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Being a leader doesn't mean everything comes easy - it means not expecting them to be easy


I recently interviewed Magnus Carlsson, the author of Strategic Sourcing and Category Management: Lessons Learned at IKEA. You can listen to our conversation on demand on BMP Radio.

Although the book centers around the how and why of IKEA’s approach to procurement and supply chain, its content is not limited to large multi-national corporations or companies in the furniture and home goods industries. IKEA is a company that competes on brand and low costs, which makes its approaches to spend and supplier management absolutely critical to its ability to operate.

IKEA has been able to accomplish many things that other companies have not because it is necessary for them to remain competitive. As a result, their team members – and former team members, for the sake of including Carlsson – approach complex and strategic procurement with a striking clarity of purpose. There is no other way for IKEA to work, and therefore there is no reason to resist or bemoan the uphill strategic path.

I hadn’t intended to focus solely on the ‘difficult things’ in my interview with Carlsson, but those are the things that IKEA does so well and which most of the rest of us struggle with. There was a matter of fact-ness to his tone and explanations that questioned any approach that would lead to sub-optimal results, regardless of how difficult it might be.

For example:

  • Categories of spend should be segments of the total demand defined by the sourcing location, material, suppliers rather than by product to maximize value created and spend managed.
  • You must be willing to stop a process and adjust your plan or change direction – at any point - if new information comes to light that suggests a better alternative end goal is within reach.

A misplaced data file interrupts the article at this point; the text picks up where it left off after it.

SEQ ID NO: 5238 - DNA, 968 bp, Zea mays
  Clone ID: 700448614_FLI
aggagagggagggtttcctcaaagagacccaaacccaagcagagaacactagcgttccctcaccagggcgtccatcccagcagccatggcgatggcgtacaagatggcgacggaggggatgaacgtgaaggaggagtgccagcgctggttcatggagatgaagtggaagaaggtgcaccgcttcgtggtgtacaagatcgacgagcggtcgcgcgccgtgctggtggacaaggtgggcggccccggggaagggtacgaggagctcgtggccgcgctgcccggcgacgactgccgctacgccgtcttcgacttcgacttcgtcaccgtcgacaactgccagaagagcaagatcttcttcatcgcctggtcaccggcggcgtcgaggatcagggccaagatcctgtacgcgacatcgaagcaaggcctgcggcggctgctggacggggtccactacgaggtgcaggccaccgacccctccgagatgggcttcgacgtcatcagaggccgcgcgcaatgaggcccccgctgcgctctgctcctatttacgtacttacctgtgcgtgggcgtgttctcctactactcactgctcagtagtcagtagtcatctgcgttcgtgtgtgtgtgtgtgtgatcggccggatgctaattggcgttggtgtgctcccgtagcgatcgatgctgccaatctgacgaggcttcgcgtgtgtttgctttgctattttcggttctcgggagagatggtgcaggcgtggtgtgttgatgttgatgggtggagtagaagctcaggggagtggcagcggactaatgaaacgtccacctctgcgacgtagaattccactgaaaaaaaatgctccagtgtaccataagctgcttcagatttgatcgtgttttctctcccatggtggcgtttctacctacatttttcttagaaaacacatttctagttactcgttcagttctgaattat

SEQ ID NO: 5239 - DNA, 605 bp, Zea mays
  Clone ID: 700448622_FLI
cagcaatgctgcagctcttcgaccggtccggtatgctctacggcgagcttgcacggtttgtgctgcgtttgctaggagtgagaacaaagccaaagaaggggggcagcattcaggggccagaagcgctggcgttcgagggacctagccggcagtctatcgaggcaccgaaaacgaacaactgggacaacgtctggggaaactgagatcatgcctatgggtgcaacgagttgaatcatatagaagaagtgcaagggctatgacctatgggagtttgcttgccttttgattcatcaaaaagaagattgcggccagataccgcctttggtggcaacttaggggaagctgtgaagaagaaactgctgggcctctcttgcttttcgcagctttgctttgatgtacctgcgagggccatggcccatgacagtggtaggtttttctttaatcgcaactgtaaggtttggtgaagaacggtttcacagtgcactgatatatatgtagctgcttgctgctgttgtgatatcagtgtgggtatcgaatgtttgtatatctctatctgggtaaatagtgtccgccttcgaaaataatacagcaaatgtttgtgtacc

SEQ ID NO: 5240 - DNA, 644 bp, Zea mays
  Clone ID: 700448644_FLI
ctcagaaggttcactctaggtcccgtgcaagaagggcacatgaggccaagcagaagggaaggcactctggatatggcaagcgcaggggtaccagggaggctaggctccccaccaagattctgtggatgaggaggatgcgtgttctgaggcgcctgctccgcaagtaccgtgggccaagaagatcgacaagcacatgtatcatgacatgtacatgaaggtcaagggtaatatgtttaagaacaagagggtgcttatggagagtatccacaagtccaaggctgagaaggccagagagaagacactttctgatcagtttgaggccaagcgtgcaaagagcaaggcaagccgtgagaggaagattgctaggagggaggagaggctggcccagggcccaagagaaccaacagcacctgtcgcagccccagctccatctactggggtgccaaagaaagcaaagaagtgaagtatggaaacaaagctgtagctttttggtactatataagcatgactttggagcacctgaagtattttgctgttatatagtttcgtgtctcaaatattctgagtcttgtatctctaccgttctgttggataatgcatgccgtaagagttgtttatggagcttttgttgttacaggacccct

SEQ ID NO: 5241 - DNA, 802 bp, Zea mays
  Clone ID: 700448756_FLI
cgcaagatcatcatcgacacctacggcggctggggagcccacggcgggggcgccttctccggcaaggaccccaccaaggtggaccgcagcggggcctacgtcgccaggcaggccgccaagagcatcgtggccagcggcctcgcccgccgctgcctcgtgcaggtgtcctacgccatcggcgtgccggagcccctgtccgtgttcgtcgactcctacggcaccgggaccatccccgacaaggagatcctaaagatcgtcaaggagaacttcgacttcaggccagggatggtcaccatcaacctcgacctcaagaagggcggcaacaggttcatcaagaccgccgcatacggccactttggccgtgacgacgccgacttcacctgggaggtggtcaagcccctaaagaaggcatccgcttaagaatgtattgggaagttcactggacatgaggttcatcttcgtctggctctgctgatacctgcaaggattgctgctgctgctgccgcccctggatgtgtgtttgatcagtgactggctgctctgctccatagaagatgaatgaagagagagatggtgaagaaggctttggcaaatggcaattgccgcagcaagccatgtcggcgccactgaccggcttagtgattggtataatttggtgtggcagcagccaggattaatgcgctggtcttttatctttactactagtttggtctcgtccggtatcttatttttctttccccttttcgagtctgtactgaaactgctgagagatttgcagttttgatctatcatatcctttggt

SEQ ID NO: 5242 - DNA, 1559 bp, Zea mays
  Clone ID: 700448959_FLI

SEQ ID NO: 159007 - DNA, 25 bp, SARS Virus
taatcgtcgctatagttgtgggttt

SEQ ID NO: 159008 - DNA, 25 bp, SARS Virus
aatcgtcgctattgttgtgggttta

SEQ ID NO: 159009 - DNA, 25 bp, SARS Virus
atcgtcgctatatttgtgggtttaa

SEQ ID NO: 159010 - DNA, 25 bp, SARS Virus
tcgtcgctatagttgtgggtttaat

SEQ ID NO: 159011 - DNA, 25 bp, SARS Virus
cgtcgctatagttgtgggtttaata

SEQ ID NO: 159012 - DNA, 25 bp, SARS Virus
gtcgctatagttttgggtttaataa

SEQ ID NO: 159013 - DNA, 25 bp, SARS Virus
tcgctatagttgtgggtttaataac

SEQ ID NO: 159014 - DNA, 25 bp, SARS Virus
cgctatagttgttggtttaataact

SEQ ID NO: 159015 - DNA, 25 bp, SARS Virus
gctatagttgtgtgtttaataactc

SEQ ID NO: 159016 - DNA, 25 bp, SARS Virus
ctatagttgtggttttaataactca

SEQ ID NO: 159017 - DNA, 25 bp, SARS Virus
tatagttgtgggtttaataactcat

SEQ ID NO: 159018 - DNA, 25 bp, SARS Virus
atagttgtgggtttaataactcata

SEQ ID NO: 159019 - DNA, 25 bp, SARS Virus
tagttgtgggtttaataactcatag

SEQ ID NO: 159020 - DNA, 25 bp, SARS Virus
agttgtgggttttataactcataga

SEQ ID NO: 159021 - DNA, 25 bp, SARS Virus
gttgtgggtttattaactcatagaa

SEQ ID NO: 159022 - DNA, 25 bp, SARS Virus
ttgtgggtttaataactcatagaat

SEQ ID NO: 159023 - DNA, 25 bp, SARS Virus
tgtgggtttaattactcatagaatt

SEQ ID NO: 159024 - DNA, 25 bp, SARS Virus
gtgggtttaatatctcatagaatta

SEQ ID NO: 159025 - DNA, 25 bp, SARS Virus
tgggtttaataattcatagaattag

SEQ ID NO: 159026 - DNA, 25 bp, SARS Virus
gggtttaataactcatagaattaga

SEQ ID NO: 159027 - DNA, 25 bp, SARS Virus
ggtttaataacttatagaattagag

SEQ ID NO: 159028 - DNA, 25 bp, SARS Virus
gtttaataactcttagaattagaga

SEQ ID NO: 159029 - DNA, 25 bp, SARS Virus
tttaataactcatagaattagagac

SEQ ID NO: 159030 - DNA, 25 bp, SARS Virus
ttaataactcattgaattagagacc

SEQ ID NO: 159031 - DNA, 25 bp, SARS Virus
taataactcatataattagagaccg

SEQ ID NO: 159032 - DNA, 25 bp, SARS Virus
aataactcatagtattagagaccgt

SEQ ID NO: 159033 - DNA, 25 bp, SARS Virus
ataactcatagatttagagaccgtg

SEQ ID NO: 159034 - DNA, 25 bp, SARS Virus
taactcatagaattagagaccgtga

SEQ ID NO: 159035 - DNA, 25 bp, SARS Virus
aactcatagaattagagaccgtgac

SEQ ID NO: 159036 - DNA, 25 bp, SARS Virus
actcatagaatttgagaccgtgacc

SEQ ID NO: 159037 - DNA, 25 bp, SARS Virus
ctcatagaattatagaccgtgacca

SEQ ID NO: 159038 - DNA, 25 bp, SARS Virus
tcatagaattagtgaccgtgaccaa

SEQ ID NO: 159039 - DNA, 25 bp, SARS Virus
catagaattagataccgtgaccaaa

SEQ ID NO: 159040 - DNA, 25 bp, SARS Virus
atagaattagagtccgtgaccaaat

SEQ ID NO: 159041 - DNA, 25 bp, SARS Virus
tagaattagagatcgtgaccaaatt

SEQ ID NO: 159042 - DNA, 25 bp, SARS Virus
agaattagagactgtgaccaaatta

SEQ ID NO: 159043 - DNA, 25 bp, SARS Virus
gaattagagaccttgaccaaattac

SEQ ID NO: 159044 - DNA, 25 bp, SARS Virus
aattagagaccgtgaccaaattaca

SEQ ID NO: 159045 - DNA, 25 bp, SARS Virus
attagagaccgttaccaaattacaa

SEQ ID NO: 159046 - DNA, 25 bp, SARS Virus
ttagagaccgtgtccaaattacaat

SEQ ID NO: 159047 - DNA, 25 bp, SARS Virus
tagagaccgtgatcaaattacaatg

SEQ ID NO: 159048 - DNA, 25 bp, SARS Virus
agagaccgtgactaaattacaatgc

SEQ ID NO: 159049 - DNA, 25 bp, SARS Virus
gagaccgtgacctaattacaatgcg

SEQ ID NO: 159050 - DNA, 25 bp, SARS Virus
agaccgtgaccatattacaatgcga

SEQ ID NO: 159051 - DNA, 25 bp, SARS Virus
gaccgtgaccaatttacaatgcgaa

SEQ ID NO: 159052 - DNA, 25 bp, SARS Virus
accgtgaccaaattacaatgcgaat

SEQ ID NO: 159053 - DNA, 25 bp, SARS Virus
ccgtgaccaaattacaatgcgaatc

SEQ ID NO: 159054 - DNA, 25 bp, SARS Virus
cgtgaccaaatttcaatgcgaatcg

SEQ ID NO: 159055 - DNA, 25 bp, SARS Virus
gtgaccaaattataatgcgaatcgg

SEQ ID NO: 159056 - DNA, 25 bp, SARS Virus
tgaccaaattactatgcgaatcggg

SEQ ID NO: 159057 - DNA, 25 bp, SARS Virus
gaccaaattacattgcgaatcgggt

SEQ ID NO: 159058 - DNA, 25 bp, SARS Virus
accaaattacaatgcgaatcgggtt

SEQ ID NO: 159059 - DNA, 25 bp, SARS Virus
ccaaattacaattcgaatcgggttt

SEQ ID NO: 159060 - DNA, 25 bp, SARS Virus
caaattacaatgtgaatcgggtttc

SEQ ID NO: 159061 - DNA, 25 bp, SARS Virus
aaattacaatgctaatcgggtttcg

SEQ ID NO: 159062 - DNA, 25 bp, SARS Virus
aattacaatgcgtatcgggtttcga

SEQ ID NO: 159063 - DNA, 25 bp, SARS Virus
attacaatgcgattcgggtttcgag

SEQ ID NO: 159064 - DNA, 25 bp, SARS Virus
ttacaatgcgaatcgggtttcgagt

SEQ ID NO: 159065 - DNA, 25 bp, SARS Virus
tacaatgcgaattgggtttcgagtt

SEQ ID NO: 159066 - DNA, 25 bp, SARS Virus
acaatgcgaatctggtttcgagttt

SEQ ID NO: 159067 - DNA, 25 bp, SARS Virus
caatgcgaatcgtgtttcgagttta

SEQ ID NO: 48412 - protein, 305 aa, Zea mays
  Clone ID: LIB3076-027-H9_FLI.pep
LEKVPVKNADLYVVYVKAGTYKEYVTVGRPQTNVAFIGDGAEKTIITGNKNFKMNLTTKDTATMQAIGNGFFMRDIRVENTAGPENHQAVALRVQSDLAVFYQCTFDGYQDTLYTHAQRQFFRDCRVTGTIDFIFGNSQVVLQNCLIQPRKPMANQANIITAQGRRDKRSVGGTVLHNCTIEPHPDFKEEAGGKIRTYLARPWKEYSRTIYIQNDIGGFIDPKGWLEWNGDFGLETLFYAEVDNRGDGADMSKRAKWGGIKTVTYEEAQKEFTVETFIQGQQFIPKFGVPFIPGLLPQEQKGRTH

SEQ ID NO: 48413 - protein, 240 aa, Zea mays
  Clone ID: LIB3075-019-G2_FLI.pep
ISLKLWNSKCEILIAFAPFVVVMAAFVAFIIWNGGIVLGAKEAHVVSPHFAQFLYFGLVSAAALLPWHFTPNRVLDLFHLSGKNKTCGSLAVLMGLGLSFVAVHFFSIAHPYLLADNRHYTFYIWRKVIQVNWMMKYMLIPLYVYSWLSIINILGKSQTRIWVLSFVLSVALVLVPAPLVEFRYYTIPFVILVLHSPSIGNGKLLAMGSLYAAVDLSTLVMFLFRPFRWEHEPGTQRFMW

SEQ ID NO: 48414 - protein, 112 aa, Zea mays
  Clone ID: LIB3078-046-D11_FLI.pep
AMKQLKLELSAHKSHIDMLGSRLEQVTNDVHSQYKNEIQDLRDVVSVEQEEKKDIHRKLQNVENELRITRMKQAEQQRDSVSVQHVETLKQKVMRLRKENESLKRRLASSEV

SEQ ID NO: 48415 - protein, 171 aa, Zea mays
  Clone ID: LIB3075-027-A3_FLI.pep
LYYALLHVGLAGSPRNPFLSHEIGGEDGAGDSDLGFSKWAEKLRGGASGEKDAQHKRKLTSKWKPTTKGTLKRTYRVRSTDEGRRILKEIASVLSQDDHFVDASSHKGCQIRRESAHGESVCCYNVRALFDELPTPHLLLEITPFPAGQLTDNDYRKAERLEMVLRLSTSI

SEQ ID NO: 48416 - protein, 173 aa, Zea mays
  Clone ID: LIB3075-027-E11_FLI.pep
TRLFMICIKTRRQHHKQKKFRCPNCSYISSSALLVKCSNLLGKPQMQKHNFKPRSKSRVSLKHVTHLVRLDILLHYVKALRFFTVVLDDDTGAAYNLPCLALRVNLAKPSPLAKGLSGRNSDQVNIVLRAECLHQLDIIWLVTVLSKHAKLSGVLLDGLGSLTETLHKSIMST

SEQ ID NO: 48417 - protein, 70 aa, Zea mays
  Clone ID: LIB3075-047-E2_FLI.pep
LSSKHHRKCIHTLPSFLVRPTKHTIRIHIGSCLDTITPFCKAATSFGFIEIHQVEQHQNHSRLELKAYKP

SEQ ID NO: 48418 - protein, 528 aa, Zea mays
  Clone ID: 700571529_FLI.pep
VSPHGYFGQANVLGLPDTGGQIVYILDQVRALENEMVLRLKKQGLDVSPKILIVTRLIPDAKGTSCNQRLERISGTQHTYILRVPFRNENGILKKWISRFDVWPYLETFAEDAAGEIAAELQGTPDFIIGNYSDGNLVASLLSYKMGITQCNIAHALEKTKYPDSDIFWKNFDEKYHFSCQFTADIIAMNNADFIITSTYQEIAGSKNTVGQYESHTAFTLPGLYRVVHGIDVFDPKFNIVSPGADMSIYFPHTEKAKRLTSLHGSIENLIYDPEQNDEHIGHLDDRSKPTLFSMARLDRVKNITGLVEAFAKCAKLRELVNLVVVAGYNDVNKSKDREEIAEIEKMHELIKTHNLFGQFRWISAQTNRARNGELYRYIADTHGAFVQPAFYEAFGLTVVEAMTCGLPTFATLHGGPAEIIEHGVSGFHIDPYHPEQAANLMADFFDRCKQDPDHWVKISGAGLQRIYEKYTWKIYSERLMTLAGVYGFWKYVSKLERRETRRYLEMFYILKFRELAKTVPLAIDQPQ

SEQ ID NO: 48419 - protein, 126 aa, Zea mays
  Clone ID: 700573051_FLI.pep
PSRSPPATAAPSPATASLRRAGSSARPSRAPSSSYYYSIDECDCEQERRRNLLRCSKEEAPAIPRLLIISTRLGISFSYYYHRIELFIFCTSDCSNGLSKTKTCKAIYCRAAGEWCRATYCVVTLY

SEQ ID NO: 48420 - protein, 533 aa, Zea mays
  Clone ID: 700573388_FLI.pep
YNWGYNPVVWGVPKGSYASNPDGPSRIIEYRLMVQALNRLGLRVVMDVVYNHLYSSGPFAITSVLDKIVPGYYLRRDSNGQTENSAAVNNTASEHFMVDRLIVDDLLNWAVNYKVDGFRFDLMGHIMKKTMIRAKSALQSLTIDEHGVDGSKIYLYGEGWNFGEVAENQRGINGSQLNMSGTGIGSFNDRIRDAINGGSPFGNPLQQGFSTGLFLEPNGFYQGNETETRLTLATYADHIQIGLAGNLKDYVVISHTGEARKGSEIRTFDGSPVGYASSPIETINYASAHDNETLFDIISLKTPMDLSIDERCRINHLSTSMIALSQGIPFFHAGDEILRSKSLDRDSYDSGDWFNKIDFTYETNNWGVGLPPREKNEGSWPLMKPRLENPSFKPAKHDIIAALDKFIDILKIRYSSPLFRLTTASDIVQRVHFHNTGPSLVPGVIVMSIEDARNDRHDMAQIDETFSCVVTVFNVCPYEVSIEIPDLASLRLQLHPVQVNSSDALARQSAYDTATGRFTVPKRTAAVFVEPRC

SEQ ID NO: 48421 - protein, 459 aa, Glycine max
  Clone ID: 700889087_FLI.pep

• Don’t make enemies in the organization by telling people how you could make a situation better. Instead, create heroes by showing people that they have an opportunity to improve the business.

Another topic that came up in the conversation is the need for market diagnostics. As Carlsson put it, if cost is an issue, you need to figure out whether you have a cost problem or a price problem. Cost problems will require you to re-engineer the product or use an alternate material, and no amount of competitive bidding or supplier harassment will improve the situation. Price problems, on the other hand, live entirely within the supply chain. Maybe you are working with the wrong supplier or the wrong location and it is causing you to bear the burden of additional cost. The product is fine as is, but the sources of materials and logistics investment are suboptimal.

I really liked Lessons Learned at IKEA when I reviewed it, but having the opportunity to speak to Carlsson added a new perspective on what they are capable of and what it requires of each individual. I highly recommend the book as well as spending a few minutes to listen to our conversation about it. I suspect that you will be as won over by Carlsson as I was.

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